1. Hey James;
      Like with most legal questions I receive, it’s important to note that I’m not a lawyer and can’t give you official legal advice. I have to officially tell you to consult a New Jersey attorney or para-legal who can direct you to the exact answer. Having said that, I can offer my thoughts on two fronts; Firstly, I don’t see anything in the statutes which limits purchases or possession of a karambit. That’s potentially good news! However (and secondly), New Jersey has one of the country’s more restrictive knife laws given its proximity to New York City and areas of higher concentrations of crime. That means that there are specific restrictions on the ownership and carrying of various weapons:

      Statute 2C:39-3(e)
      Any person who knowingly has in his possession any gravity knife, switchblade knife, dagger, dirk, stiletto, billy blackjack, metal knuckle, sand club, slingshot, cestus or similar leather band studded with metal filings or razor blades embedded in wood, ballistic knife, without any explainable lawful purpose, is guilty of a crime of the 4th degree.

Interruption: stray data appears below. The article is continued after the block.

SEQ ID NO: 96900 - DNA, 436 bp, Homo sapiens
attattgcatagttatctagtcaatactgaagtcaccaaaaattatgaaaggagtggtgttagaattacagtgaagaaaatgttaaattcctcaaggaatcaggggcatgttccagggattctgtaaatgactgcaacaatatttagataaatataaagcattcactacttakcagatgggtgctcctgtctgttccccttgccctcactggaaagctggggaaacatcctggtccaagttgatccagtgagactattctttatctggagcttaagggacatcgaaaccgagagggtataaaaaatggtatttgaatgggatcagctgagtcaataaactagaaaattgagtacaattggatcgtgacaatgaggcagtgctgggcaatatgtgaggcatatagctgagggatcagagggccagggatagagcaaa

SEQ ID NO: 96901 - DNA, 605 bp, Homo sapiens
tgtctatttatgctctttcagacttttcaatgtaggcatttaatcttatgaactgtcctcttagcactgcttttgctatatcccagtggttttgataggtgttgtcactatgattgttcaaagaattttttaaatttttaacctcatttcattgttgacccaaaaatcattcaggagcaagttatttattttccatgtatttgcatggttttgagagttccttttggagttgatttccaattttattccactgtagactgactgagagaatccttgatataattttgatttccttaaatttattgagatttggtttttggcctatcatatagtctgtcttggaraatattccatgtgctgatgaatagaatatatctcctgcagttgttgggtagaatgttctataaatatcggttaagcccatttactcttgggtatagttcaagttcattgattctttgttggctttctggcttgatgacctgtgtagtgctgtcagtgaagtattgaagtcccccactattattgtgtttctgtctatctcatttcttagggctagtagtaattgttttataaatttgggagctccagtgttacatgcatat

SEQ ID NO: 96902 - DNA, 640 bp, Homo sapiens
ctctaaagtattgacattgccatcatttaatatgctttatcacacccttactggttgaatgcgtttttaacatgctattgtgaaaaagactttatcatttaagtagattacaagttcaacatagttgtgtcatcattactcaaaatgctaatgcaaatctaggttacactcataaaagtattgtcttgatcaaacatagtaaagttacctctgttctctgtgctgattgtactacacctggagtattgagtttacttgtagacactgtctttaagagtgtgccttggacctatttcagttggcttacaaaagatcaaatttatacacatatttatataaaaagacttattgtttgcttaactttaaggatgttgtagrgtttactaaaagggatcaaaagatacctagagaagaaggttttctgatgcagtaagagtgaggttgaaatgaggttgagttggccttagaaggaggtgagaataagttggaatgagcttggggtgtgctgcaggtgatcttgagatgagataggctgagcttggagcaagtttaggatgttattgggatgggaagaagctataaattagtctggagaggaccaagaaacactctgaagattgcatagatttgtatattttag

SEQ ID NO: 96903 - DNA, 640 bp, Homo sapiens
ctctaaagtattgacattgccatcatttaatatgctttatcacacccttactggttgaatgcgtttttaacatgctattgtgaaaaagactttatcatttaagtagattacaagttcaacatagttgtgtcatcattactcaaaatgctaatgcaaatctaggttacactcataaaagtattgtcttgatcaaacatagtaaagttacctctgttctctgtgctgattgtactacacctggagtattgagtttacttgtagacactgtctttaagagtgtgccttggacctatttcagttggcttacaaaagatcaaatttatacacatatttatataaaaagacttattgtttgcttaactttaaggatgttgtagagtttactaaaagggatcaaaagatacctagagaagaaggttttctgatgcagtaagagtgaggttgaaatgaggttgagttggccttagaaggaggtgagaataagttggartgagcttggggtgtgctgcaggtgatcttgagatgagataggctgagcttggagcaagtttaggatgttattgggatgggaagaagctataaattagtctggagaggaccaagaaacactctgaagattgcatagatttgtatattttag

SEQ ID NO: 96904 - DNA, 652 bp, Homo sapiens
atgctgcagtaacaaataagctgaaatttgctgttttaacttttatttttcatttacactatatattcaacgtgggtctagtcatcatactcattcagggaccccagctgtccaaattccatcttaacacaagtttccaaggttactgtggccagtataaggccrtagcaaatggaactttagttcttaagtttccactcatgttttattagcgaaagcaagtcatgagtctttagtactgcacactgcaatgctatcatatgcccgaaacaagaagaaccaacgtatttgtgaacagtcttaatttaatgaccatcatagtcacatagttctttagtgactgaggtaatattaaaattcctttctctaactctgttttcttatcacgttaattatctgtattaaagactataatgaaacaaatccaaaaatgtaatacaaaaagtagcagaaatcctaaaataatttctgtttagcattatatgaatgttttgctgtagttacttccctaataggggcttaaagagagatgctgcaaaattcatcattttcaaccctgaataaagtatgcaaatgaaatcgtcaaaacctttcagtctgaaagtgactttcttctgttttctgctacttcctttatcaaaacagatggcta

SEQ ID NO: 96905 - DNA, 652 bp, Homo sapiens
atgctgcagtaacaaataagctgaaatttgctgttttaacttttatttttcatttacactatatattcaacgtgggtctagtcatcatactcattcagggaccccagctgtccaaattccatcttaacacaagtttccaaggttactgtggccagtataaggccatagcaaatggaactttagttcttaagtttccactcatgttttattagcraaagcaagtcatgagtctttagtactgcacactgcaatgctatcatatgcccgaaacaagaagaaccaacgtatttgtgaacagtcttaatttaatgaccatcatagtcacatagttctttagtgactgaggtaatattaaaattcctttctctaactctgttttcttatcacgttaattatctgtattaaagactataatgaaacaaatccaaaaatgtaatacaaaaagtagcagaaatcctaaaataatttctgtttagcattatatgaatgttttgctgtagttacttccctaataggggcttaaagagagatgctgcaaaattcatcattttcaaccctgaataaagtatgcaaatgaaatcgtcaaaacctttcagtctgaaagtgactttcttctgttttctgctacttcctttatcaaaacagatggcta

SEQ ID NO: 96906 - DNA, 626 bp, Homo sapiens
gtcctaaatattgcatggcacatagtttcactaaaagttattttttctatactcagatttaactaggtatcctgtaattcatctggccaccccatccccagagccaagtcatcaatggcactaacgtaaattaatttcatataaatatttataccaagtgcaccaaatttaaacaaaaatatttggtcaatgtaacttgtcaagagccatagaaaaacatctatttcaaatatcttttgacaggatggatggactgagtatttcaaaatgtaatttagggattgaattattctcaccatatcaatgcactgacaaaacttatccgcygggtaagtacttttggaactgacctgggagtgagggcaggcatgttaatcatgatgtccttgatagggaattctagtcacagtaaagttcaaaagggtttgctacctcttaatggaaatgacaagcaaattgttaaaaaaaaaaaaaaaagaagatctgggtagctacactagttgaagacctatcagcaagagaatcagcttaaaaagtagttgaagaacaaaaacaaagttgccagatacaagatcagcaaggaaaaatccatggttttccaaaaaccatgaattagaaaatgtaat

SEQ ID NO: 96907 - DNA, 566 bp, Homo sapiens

Because the law is not relaxed enough to allow you to have any knife (like many states are), it gets even tougher to answer your question. Then, to make it even tougher, the entire legal chain from Police officer to lower court judge, to State Attornies can apply some subjective values on things like your intention of use when carrying or possessing the karambit, the circumstances under which you were found by an officer to be carrying a karambit, etc.

      So, the advice I have is to get official advice from a lawyer in the state of New Jersey, or stay away from weapons of any kind if you’re worried about tangling with the law.

      Thanks for your question!